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Andy Reid thinks the Chiefs’ defense needs to improve in two areas

After Sunday’s loss in Cincinnati, Kansas City's head coach identified places where his defense fell short.

Kansas City Chiefs v Cincinnati Bengals Photo by Andy Lyons/Getty Images

On Sunday afternoon, the Kansas City Chiefs found themselves on the receiving end of a loss — one that was similar to losses they’ve handed to other teams during the Patrick Mahomes era.

Whether it’s by converting a crucial third down or getting a stop in a critical situation, it’s usually the Chiefs who find a way to make a play when they need one. This time, though, it was quarterback Joe Burrow and the Cincinnati Bengals who did virtually whatever they wanted against Kansas City’s defense on the way to a 27-24 victory.

It wouldn’t be right to blame one specific area of the defense. The pass rush was virtually non-existent. Tackling was mediocre. The unit couldn’t get off the field on third down. So where should we begin?

The Kansas City defense came into the game with the league’s fifth-most sacks — and in Burrow, it was facing a quarterback who was tied for third in sacks. Seems like a recipe for success, right?

Think again.

The Chiefs were only able to get to the Cincinnati quarterback once — and that came late in the fourth quarter. For the majority of the game, Burrow had what seemed like an eternity in the pocket to sit back and dice the defense up.

“Their offensive line at times did a good job,” head coach Andy Reid told reporters after the game. “Other times, he was slippery — and he kind of worked his way through [and] made some plays with his legs. I thought we had decent pressure on him throughout [the game].”

Despite being without star running back Joe Mixon, backup Samaje Perine ran the ball 21 times for 106 yards — his highest total since Week 11 of 2017. Burrow also ran for 46 yards (one shy of his career high) and added a rushing touchdown. Regardless of who was carrying the ball, the Chiefs had a tough time wrapping up and taking them to the ground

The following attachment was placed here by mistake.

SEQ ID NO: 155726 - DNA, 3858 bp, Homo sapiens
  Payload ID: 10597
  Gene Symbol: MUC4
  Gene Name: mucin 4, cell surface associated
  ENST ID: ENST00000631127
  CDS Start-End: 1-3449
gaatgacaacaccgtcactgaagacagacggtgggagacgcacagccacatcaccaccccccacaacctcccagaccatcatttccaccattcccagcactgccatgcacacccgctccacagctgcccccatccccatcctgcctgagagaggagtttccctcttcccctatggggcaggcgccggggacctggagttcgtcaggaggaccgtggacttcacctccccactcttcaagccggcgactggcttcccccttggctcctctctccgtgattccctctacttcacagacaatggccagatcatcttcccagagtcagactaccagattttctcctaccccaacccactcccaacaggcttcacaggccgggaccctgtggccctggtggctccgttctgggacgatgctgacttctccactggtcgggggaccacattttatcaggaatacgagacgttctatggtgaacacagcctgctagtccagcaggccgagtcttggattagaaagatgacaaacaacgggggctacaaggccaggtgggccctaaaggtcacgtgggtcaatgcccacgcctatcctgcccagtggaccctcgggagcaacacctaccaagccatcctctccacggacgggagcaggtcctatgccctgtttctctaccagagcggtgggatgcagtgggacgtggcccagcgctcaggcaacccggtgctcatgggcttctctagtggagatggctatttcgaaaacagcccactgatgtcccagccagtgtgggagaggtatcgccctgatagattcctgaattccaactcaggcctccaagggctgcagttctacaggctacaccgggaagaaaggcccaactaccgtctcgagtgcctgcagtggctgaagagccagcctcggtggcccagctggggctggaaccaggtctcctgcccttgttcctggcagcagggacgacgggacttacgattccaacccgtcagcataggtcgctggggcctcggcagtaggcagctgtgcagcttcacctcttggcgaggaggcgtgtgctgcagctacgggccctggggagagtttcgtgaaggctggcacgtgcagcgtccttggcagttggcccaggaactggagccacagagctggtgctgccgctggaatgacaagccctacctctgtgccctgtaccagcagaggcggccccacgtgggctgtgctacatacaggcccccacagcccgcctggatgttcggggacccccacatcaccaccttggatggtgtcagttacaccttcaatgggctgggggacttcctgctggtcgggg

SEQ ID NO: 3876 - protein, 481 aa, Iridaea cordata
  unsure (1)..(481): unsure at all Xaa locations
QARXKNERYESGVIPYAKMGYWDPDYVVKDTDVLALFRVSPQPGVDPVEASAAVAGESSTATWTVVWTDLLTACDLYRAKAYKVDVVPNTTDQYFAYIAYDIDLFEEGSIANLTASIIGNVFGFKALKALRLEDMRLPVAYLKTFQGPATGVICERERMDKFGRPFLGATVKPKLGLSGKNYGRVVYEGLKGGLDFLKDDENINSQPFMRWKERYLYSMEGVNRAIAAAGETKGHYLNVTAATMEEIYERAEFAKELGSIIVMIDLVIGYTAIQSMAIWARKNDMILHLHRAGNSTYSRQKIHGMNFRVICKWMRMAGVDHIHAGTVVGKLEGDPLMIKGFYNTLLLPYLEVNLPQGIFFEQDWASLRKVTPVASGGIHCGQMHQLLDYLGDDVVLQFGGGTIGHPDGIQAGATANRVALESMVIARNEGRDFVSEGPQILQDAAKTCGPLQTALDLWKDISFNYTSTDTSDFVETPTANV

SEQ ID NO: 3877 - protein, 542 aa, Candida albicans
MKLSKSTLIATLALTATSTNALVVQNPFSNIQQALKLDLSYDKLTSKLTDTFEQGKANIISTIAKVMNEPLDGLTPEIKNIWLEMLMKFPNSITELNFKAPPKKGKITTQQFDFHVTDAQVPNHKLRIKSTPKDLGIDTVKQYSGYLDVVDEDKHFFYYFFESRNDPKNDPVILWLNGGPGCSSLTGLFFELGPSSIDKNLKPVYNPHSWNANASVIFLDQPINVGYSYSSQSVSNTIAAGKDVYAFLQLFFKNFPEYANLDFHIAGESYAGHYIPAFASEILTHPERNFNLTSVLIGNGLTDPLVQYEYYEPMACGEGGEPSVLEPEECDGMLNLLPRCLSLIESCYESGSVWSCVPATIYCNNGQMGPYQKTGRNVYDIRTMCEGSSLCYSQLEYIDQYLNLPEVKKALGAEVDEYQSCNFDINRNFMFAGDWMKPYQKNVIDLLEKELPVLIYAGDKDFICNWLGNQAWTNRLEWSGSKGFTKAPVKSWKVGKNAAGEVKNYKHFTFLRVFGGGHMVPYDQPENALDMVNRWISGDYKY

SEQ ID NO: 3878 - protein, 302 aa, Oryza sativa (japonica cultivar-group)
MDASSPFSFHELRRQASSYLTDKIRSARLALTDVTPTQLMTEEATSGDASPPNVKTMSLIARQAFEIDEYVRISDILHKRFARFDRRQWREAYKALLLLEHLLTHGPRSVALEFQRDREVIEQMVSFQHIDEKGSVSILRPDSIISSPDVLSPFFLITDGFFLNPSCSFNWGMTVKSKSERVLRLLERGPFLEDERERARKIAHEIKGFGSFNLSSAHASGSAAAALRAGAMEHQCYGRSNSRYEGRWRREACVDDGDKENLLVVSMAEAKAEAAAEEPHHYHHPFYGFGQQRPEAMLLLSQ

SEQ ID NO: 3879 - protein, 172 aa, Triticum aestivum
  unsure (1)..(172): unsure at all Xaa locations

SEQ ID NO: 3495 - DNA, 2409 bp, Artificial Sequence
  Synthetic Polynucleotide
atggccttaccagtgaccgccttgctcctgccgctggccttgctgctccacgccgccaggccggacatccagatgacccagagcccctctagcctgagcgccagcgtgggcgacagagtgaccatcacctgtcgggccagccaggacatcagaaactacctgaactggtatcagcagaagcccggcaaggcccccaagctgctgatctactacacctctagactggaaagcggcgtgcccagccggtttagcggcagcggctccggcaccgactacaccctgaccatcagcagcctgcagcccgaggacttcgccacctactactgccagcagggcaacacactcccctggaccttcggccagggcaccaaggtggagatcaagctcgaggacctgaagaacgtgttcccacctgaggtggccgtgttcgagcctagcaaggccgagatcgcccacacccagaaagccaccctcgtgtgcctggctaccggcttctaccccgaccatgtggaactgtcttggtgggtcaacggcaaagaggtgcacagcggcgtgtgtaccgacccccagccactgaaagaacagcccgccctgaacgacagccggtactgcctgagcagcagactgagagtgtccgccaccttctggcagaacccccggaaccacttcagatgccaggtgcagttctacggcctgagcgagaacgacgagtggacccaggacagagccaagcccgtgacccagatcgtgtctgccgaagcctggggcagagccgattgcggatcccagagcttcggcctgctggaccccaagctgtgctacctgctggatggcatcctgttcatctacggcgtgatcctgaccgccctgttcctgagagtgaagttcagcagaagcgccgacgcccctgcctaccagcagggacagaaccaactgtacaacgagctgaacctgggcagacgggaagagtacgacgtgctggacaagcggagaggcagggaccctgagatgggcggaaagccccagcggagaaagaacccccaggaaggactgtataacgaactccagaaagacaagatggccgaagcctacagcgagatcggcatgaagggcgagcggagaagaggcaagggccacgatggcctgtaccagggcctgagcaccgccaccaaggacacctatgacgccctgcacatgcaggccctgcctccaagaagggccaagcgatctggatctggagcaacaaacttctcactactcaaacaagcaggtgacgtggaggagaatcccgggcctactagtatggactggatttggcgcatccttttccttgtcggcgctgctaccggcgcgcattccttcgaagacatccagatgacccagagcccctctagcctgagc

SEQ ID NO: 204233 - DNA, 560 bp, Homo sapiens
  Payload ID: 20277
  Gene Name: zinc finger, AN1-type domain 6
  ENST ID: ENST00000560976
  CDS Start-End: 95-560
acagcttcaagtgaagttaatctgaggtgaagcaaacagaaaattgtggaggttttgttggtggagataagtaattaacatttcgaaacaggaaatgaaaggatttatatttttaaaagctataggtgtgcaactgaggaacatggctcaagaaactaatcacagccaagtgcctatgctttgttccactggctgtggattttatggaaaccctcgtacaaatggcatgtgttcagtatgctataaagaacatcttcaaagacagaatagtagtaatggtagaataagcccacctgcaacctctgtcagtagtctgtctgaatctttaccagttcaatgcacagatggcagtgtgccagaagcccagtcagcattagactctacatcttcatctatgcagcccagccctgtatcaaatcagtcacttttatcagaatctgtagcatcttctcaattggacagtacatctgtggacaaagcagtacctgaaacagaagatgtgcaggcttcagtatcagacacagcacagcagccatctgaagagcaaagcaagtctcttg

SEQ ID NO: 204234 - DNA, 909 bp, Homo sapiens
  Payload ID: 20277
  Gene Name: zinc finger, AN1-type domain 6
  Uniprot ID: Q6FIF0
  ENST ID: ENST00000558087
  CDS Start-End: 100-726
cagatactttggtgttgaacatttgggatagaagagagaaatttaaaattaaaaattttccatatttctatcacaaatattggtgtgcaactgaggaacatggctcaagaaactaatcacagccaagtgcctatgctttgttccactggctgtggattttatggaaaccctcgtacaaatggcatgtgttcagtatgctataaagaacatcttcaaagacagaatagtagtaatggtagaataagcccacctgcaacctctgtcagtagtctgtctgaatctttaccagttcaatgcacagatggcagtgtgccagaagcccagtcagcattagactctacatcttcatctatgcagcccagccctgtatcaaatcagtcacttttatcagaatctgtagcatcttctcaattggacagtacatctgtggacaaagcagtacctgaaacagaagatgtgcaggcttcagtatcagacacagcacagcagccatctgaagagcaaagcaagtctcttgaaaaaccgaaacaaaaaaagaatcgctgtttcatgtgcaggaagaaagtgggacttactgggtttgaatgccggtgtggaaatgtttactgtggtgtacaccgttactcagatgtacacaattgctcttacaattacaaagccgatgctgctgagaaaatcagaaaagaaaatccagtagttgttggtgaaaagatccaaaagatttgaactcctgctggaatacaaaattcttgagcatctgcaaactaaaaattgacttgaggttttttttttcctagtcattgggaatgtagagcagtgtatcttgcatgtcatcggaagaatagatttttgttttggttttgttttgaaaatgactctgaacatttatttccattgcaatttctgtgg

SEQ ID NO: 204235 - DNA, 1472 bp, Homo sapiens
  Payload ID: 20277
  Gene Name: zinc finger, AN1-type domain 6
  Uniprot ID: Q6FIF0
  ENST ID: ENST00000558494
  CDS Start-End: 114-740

“I think we tackled as well as we had been,” said Reid. “We need to do a better job with that. That’s something [where] we’ll look at the tape and get it fixed.”

Perhaps the defining play of the game for the Chiefs’ defense came on the final drive. Leading 27-24 with three minutes remaining, the Bengals were facing a third-and-5 at the Kansas City 32-yard line. With a stop, the Chiefs could force a field goal that would keep it a one-score game.

Cincinnati ran a screen play to wide receiver Ja’Marr Chase, who had four Chiefs defenders within six yards when he caught the ball. Chase bounced it outside, got to the sticks and moved the chains. This play felt like a microcosm of the game; the Bengals went 7-11 on third down.

“Yeah. We’ve got to do better there,” said Reid of his team’s third-down defense. “We’ll go back and look at that. We had a third down on the offensive side. Then we had a chance to fix [it] there — and didn’t do a great job on that.”

In a game where the Chiefs’ offense was less than perfect, their defensive teammates came up short time and time again. Now it’s back to the drawing board for that unit, which will need to come up with answers — because before the season is over, it could very well face the Bengals’ offense again.

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